Film director says Cloquet is picture-perfect for his film, especially at its grittiestDirector Alex Gutterman remembers the exact moment that he decided his first feature film had to take place in Cloquet rather than the Iron Range as he originally intended.
By: Jana Peterson, Pine Journal
Director Alex Gutterman remembers the exact moment that he decided his first feature film had to take place in Cloquet rather than the Iron Range as he originally intended.
“That road down by Sappi, the moment I turned that corner, I saw the steam, that long road, I said, ‘I want to shoot here,’” said Gutterman, creative director of Minnesota based Hypothermia Film, adding that he sees Cloquet as an “anywhere industrial town.”
The industry in Cloquet was definitely a plus for Gutterman, who is hoping to film “In Winter” in Cloquet (75 percent) and Duluth (20 percent) next winter. He describes the feature-length film as a “tragic love story” that he’s hoping will make the film festival circuit as an independent art film.
The director was in Cloquet and Duluth earlier this month on a “diplomatic mission,” different from his reconnaissance trips earlier this year. In Cloquet, he met with representatives of both the Cloquet Area Chamber and Carlton County Economic Development, as well as Riki McManus of the Upper Minnesota Film Office, a public-private office that works with film makers working in the region, at the Chamber offices.
“It’s always exciting when a film comes into a community,” McManus said. “It’s exciting; there is economic impact, even with a smaller film; other people get to see what the area has to offer.”
At the Chamber meeting, Gutterman explained the film and talked about ideas for promoting Cloquet on his website and ways local organizations can assist with the film, fund raising proposals and more.
Gutterman talks in scenes. He doesn’t simply see a landmark, such as the paper mill or the band shell in Pinehurst Park. Instead, he pictures a series of events.
“We have this beautiful scene written at the band shell, which shows her expansive spirit,” Gutterman told the group at the Chamber office. “You see the woman walking, alone, she’s dark against the white snow, you hear the crunch of the snow. Then she stands and does a little twirl, and looks out on the pines. Later there’s a scene where she’s up there [on the bandshell stage] and Mark [the male lead] is below, watching her.”
Although he has plans for a number of Cloquet landmarks – the Frank Lloyd Wright gas station and the laundry business behind the station, the Northeastern, Carmen’s, Underground Aquatics and more – it was the steam that drew him, as much as anything.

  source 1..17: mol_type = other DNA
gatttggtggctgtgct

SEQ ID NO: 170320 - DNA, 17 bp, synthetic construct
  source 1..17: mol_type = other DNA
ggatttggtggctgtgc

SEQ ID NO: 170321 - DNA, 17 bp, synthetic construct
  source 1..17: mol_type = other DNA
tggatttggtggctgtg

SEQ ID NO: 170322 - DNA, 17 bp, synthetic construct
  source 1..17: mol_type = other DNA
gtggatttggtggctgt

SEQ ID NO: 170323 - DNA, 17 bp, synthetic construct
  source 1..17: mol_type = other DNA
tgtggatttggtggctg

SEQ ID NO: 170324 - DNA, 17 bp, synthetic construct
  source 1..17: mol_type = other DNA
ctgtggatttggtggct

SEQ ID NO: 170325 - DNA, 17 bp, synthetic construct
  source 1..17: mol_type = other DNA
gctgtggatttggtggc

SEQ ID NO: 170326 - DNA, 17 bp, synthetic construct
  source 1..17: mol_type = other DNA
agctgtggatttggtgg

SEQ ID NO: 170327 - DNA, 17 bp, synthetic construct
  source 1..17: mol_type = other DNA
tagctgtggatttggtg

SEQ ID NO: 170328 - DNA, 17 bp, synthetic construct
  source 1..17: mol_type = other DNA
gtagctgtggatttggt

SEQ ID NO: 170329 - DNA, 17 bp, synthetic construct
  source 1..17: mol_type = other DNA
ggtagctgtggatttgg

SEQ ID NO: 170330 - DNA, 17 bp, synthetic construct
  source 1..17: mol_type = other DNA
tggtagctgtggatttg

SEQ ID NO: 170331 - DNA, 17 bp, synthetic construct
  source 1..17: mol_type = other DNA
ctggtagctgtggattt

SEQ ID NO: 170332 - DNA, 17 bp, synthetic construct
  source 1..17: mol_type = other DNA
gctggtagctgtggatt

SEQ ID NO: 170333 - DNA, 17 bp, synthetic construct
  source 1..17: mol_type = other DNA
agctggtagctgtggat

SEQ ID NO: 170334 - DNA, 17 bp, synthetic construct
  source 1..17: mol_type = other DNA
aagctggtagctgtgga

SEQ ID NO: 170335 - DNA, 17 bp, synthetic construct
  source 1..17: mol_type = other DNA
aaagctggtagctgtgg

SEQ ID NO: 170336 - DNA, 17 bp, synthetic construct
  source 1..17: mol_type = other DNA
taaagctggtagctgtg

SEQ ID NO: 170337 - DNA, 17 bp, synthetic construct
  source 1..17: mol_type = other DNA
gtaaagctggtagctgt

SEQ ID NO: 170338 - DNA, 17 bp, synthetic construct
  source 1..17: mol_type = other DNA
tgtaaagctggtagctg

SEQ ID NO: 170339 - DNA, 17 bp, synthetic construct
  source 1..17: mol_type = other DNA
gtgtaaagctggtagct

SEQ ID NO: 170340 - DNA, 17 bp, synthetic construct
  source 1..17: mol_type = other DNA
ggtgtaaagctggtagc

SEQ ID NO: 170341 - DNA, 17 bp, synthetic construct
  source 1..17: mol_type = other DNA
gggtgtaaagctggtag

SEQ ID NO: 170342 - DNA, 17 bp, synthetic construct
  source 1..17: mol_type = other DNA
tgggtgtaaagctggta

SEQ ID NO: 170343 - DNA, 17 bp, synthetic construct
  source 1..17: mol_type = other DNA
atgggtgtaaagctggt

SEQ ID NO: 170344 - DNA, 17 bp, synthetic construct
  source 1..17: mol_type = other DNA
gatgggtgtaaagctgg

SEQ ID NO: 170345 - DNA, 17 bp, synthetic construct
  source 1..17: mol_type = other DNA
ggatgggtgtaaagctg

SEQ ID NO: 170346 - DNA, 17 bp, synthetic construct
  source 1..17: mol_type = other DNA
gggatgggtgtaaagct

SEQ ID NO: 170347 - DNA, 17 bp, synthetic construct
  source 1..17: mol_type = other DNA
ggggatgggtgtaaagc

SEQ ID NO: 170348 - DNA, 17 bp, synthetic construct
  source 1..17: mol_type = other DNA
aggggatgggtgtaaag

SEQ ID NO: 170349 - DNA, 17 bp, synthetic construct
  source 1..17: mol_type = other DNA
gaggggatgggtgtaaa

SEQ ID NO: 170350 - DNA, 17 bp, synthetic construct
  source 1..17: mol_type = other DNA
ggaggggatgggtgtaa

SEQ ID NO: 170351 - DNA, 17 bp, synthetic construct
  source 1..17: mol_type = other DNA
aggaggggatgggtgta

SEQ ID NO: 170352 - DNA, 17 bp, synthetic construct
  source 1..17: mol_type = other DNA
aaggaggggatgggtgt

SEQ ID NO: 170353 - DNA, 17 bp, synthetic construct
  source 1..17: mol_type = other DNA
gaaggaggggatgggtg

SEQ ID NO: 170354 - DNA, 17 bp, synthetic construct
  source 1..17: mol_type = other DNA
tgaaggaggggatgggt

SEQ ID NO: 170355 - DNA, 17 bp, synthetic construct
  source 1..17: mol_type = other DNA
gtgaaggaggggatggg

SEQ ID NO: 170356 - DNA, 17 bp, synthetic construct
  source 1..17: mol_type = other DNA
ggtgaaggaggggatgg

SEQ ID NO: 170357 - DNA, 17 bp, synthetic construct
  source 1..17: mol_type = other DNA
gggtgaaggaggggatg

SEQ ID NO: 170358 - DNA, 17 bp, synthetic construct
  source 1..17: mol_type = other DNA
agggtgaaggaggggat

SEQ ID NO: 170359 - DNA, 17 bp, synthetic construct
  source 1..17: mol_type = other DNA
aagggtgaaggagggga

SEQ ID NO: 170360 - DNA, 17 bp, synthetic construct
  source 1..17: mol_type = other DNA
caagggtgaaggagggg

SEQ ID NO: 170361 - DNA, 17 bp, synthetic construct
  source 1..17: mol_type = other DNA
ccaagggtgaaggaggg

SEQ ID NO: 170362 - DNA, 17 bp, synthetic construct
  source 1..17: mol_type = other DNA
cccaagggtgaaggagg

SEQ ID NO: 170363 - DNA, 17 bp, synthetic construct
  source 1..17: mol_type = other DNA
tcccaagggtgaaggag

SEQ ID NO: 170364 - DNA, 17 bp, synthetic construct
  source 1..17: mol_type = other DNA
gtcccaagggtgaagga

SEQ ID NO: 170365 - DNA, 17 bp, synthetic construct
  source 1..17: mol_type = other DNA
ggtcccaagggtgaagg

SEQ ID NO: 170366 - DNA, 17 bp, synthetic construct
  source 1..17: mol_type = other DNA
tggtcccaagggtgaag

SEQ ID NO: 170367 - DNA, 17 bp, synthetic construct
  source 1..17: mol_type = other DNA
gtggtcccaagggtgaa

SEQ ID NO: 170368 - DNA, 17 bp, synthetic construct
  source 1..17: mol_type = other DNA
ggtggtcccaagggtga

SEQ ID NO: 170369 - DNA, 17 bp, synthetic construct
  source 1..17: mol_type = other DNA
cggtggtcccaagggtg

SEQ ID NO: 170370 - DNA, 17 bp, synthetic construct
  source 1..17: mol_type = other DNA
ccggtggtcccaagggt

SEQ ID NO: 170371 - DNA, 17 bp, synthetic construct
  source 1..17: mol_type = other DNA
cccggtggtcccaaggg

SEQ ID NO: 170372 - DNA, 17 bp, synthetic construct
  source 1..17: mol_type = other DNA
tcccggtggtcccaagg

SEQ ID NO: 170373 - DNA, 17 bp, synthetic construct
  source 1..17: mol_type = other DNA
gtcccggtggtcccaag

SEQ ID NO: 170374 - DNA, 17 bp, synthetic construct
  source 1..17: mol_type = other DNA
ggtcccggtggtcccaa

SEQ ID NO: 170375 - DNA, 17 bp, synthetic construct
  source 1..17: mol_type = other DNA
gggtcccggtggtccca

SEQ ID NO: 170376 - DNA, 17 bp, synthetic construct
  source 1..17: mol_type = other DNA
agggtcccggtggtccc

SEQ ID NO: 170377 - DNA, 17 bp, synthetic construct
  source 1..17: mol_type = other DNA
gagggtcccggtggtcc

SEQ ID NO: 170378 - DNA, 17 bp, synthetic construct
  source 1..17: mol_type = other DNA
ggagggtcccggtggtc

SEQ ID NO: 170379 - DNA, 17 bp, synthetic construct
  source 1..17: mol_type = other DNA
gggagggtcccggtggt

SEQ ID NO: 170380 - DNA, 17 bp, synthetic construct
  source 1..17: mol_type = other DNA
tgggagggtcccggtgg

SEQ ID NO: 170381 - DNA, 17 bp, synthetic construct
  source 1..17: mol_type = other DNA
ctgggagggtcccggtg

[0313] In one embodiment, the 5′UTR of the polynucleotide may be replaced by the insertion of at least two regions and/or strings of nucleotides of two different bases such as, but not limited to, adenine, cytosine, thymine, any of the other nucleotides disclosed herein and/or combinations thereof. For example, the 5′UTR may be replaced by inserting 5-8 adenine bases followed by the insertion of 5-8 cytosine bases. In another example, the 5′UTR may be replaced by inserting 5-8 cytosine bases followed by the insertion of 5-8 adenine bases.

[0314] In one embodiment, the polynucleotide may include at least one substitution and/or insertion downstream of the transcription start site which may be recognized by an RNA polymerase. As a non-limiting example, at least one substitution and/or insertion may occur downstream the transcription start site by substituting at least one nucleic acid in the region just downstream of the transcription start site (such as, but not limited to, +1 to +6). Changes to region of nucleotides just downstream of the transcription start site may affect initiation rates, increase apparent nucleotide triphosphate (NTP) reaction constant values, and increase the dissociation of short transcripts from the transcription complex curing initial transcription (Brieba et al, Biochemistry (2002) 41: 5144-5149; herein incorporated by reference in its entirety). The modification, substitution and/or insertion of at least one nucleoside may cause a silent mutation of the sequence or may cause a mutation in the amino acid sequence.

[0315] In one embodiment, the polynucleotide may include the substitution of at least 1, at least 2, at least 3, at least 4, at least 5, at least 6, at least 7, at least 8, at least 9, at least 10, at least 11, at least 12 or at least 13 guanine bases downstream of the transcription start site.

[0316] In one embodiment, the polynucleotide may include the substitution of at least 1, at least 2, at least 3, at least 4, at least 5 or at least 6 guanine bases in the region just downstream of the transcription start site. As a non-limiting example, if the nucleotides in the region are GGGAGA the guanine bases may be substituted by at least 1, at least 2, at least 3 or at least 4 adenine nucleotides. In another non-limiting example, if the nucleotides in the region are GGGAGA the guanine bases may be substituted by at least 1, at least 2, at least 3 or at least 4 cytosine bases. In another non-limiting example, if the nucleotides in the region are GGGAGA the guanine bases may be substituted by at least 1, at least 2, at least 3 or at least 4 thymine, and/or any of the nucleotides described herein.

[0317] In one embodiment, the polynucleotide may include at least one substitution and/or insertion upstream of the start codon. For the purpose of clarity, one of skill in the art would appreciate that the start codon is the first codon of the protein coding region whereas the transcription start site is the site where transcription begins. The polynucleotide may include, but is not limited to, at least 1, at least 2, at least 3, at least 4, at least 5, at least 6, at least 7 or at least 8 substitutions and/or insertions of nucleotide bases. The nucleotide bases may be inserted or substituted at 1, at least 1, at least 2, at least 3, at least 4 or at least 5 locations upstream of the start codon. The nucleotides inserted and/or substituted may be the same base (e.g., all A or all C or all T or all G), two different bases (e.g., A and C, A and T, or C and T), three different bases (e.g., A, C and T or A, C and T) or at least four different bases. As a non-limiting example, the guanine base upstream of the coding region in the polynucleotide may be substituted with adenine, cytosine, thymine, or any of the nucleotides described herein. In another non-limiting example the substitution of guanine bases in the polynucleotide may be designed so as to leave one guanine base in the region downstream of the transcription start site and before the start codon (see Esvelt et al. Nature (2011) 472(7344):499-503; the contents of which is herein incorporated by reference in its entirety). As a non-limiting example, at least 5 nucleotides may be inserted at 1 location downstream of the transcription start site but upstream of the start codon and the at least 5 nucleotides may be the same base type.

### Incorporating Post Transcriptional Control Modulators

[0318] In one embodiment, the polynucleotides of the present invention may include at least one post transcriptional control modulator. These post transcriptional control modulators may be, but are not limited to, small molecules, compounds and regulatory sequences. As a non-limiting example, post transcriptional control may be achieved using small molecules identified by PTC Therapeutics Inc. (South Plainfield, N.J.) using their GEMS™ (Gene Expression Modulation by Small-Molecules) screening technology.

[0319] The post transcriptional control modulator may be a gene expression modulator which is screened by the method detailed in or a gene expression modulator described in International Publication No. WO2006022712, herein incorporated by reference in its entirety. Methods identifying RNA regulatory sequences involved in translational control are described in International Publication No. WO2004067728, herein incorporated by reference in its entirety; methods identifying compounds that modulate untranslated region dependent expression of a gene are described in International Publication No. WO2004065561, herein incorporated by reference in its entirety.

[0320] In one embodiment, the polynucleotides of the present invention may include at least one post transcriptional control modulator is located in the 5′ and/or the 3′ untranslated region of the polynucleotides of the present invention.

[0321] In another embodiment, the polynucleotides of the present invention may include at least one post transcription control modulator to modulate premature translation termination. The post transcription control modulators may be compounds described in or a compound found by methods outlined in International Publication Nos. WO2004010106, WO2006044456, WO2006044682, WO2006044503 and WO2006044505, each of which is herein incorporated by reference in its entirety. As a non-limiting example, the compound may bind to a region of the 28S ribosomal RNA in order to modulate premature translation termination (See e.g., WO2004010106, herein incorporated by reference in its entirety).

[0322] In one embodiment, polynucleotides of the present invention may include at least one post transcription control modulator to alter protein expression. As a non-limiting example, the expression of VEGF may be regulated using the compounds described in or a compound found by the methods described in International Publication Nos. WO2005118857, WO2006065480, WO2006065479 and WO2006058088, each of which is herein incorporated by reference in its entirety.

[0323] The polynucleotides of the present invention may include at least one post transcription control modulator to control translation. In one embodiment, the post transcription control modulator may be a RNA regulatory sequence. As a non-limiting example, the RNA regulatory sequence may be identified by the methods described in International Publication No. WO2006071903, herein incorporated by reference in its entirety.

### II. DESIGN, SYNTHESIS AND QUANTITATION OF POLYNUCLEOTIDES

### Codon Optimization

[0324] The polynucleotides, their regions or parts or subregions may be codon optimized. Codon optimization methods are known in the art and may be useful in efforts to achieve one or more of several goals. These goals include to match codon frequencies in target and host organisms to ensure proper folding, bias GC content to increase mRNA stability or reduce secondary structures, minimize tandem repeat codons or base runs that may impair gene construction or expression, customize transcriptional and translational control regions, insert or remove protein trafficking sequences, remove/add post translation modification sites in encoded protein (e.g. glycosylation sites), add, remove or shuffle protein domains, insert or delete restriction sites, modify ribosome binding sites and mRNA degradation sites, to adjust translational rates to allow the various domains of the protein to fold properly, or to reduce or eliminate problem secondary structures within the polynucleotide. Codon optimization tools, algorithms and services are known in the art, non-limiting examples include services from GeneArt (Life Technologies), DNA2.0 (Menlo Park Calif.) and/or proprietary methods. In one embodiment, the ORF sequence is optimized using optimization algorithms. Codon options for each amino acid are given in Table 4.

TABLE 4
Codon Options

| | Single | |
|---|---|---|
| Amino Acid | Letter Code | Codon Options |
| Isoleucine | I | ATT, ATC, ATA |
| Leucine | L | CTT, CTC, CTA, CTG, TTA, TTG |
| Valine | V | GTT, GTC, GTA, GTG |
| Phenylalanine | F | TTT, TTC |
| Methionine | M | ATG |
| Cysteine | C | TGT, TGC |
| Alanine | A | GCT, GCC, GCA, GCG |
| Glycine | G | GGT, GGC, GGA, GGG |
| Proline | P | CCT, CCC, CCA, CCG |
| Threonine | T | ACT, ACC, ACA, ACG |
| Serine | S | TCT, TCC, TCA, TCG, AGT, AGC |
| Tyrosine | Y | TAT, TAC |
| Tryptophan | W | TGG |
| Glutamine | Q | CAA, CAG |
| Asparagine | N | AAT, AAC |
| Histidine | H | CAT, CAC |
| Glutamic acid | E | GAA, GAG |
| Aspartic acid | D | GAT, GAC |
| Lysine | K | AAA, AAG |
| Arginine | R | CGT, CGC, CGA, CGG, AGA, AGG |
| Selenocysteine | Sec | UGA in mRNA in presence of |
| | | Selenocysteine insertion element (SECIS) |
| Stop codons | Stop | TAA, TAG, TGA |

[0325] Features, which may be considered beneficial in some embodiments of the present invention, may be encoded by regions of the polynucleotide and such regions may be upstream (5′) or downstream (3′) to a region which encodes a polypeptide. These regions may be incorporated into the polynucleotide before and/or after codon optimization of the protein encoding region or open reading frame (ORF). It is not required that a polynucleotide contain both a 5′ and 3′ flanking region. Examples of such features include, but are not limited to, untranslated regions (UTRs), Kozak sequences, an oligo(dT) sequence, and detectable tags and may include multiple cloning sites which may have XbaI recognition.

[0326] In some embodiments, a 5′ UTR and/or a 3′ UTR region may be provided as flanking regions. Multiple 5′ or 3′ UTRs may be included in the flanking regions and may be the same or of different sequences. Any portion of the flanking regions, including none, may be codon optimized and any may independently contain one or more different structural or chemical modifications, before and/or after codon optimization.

“The four phases of water are used symbolically and emotionally,” Gutterman said, noting that he would prefer a winter with just a thin hard crust of snow and ice because it’s more “bleak,” than a Cloquet buried in three feet of snow. “Ice, the water is locked, like a person’s emotions, but then the steam is everywhere. You see it again and again.”
In an early press release, Gutterman described the film as follows: “’In Winter’ centers on a single forlorn town in northern Minnesota in dead winter, over the course of several weeks. The film revolves around Annika, a young woman challenged by a lonely existence caring for her dying grandfather, and her unexpected encounter and eventual relationship with Mark, an East Coast journalist passing through the region. ‘In Winter’ weaves together three core thematic threads (sex/love, death/war, and God/truth) through the interpenetration of action/plot, dialogue/script, symbolism, and cinematographic choice.”
In other words, it’s not a warm and fuzzy winter love story. In fact, the “In Winter” Facebook page describes the proposed film as “an independent art film, stark, minimalist, and tragic” and Gutterman described it with a “stark setting, austere aesthetic in the tradition of Bergman and Tarr.”
And that’s OK, McManus said. It doesn’t mean Cloquet isn’t a lovely place to visit, just that we have more to offer.
“When I bring filmmakers in, they don’t just want picture perfect,” she said. “I show them the grit, and I show them the pretty. It depends on what kind of film they’re making.”
McManus said when Sean Penn and Jack Nicholson were scouting locations for a film, they referred to a street in downtown Duluth as a “hot set,” meaning it would be ready for filming without a lot of changes.
Gutterman and crew filmed in Cloquet and Duluth in early February for the purpose of developing a trailer and “B-roll” footage, but they won’t begin the bulk of the film work until next winter. Gutterman has cast his leading man and has a good idea of his leading lady, but said he expects to cast a number of local residents as extras this spring or summer; he’s also looking for a Native American male to play the role of the female’s lead’s uncle, a Korean War vet.
Cloquet Area Chamber President Kelly Zink is excited about working with Gutterman.